The University of Maryland Center for Health and Homeland Security (CHHS) works with the nation’s top emergency responders to develop plans, policies, and strategies for government, corporate, and institutional clients that ensure the safety of citizens in the event of natural or man-made catastrophes.

Featured Updates

In 1998, Andrew Wakefield and twelve co-authors published an article in the highly regarded scientific journal, The Lancet, associating the combined Measles, Mumps, and Rubella (MMR) vaccine with gastrointestinal issues that could, in turn cause a... More
CHHS has been expanding our expertise since the Spring edition of our newsletter - learn more about our recent projects in the Fall 2013 Newsletter. Printed copies have been distributed to our contacts across the country. If you are interested in... More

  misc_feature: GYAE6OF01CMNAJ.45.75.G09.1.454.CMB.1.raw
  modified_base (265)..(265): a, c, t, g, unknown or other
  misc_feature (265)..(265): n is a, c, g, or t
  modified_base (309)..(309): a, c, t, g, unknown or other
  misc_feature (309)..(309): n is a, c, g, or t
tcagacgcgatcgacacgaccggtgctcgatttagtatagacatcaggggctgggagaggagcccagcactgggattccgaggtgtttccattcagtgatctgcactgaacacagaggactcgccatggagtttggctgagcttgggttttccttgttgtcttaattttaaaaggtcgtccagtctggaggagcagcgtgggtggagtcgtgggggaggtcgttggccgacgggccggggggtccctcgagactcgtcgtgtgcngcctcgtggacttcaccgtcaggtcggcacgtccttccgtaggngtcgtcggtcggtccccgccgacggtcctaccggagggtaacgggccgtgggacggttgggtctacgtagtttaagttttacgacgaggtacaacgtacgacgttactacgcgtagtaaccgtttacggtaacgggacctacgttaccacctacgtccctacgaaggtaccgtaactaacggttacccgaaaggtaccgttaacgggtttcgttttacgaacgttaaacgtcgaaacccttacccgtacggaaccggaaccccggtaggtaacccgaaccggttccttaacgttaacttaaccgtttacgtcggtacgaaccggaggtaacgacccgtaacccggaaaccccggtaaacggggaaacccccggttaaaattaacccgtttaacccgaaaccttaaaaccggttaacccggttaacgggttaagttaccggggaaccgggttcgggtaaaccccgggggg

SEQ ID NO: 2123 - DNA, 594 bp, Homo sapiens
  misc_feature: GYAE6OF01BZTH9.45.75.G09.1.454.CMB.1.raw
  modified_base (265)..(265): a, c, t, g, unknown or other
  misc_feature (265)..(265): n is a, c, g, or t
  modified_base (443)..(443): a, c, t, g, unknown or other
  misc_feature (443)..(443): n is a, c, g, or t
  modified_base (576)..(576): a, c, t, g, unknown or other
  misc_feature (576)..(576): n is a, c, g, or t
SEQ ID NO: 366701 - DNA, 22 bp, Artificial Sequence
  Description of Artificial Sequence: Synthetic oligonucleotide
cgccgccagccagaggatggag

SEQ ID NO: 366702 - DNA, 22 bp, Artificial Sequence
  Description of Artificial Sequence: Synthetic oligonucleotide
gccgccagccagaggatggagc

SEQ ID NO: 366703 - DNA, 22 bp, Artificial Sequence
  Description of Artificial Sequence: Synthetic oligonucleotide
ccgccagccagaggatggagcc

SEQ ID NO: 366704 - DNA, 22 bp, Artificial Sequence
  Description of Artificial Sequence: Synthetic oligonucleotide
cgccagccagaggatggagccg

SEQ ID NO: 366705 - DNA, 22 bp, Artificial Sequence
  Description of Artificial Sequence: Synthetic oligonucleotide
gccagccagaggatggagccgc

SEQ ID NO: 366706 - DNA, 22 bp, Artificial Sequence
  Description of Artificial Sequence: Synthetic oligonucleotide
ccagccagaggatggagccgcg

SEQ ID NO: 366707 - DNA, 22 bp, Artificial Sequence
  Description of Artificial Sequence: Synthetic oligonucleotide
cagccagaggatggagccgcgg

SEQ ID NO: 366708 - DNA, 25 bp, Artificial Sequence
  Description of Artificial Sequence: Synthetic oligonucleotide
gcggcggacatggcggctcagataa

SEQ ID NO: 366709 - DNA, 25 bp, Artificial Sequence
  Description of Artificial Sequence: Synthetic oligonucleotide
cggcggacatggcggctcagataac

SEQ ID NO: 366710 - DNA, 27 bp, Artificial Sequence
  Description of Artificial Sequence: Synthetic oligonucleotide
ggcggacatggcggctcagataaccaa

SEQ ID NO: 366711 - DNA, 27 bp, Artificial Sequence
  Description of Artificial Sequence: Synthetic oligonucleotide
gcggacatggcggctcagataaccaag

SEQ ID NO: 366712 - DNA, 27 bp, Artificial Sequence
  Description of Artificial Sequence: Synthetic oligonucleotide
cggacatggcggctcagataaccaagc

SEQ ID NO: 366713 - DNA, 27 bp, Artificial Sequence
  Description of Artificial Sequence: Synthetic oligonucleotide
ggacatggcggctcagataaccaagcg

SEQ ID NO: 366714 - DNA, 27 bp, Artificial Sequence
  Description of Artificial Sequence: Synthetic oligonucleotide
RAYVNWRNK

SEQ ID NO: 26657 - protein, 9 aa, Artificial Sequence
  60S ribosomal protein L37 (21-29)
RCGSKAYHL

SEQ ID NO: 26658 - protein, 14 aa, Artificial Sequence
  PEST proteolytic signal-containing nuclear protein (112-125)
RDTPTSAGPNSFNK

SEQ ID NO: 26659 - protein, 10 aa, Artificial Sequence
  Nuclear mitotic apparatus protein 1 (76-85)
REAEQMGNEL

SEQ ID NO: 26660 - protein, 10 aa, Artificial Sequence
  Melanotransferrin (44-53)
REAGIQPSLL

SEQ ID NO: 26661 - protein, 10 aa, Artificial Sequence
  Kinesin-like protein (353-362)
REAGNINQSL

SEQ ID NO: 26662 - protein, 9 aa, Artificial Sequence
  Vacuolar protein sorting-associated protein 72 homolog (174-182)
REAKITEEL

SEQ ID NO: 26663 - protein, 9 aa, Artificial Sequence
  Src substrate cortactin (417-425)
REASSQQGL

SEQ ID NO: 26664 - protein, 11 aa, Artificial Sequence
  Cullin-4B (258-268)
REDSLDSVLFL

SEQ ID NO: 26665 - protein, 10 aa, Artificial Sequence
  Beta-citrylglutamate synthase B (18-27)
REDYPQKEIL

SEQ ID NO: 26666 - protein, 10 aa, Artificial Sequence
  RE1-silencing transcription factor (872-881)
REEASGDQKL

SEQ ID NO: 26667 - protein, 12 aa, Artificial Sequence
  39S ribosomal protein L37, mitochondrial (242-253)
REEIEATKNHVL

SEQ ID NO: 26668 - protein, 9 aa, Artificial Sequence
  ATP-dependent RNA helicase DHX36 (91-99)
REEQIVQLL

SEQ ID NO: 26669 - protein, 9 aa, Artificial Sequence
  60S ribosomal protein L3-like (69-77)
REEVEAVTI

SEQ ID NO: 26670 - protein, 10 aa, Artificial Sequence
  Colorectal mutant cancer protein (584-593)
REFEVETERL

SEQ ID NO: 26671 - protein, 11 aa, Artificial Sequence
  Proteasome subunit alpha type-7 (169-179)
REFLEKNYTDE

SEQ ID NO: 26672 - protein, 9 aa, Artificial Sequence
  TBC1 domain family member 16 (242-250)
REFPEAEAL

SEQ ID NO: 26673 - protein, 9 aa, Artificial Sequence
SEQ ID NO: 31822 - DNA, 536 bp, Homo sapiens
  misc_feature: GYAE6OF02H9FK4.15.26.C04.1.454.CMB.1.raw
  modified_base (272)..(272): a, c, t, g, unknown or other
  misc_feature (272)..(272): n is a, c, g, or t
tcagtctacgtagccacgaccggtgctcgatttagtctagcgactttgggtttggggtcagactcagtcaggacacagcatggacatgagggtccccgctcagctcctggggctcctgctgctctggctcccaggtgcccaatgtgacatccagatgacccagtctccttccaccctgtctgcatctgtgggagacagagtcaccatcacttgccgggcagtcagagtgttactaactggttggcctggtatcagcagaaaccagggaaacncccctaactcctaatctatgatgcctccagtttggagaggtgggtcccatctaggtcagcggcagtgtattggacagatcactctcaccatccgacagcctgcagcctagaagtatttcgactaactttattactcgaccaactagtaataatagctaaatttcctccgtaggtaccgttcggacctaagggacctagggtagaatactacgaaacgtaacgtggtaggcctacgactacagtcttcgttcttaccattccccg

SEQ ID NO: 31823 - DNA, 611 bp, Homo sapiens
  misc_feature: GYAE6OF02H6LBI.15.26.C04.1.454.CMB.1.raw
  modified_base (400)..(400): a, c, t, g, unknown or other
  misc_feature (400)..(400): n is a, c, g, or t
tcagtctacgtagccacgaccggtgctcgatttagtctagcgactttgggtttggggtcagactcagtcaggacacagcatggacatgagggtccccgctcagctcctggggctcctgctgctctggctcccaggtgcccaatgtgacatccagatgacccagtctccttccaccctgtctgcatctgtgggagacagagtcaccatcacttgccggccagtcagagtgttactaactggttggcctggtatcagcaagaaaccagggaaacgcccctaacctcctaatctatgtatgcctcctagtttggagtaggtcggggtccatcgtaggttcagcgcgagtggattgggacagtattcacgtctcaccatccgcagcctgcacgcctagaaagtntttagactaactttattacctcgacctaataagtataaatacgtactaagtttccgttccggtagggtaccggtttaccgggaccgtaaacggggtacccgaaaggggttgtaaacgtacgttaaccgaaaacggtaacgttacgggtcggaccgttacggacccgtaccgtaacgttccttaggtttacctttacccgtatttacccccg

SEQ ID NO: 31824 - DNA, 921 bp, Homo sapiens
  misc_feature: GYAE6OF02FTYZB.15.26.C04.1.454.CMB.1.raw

By Bonnie Portis, CHHS Extern  After action reports stemming from both natural and man-made disasters over the past decade have demonstrated a recurring problem – the inability of medical providers to ensure adequate continuity of care... More
University of Maryland Center for Health and Homeland Security (CHHS) Founder and Director Michael Greenberger, also Professor at the University of Maryland Francis King Carey School of Law (UM Carey Law), has been formally appointed to the... More
When a major disaster strikes a community, there are more than just first responder rescue efforts to consider.  Notification and reunification of family members during and after a mass casualty event is a key part of emergency management,... More


After a catastrophe, state and local government agencies must face emergency situations that arise with a robust plan for the continuity of government.


Without a continuity plan in place, businesses may find themselves unable to meet the needs of their clients during and after a significant emergency.


Preparedness is crucial to institutional organizations; they provide much-needed services to the public, and often work with governments during emergencies.